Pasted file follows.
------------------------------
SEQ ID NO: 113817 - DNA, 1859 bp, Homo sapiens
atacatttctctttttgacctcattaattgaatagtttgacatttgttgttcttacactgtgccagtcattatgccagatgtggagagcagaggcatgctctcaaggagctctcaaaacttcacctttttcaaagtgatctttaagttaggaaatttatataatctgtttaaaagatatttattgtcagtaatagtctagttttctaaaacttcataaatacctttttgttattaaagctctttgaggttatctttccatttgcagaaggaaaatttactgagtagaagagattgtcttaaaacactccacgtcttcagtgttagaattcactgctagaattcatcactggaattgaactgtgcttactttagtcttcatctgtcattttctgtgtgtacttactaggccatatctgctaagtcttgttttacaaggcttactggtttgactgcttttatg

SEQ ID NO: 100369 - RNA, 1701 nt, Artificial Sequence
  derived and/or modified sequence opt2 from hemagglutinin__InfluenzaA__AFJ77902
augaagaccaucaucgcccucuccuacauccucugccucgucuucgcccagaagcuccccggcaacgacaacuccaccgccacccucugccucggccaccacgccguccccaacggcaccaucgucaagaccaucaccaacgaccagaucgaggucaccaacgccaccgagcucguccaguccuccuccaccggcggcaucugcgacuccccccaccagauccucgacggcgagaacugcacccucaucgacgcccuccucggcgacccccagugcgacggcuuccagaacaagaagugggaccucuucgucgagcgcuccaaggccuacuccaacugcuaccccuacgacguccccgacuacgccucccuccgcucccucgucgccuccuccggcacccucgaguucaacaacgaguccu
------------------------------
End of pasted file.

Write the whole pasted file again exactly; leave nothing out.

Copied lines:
SEQ ID NO: 113817 - DNA, 1859 bp, Homo sapiens
atacatttctctttttgacctcattaattgaatagtttgacatttgttgttcttacactgtgccagtcattatgccagatgtggagagcagaggcatgctctcaaggagctctcaaaacttcacctttttcaaagtgatctttaagttaggaaatttatataatctgtttaaaagatatttattgtcagtaatagtctagttttctaaaacttcataaatacctttttgttattaaagctctttgaggttatctttccatttgcagaaggaaaatttactgagtagaagagattgtcttaaaacactccacgtcttcagtgttagaattcactgctagaattcatcactggaattgaactgtgcttactttagtcttcatctgtcattttctgtgtgtacttactaggccatatctgctaagtcttgttttacaaggcttactggtttgactgcttttatg

SEQ ID NO: 100369 - RNA, 1701 nt, Artificial Sequence
  derived and/or modified sequence opt2 from hemagglutinin__InfluenzaA__AFJ77902
augaagaccaucaucgcccucuccuacauccucugccucgucuucgcccagaagcuccccggcaacgacaacuccaccgccacccucugccucggccaccacgccguccccaacggcaccaucgucaagaccaucaccaacgaccagaucgaggucaccaacgccaccgagcucguccaguccuccuccaccggcggcaucugcgacuccccccaccagauccucgacggcgagaacugcacccucaucgacgcccuccucggcgacccccagugcgacggcuuccagaacaagaagugggaccucuucgucgagcgcuccaaggccuacuccaacugcuaccccuacgacguccccgacuacgccucccuccgcucccucgucgccuccuccggcacccucgaguucaacaacgaguccu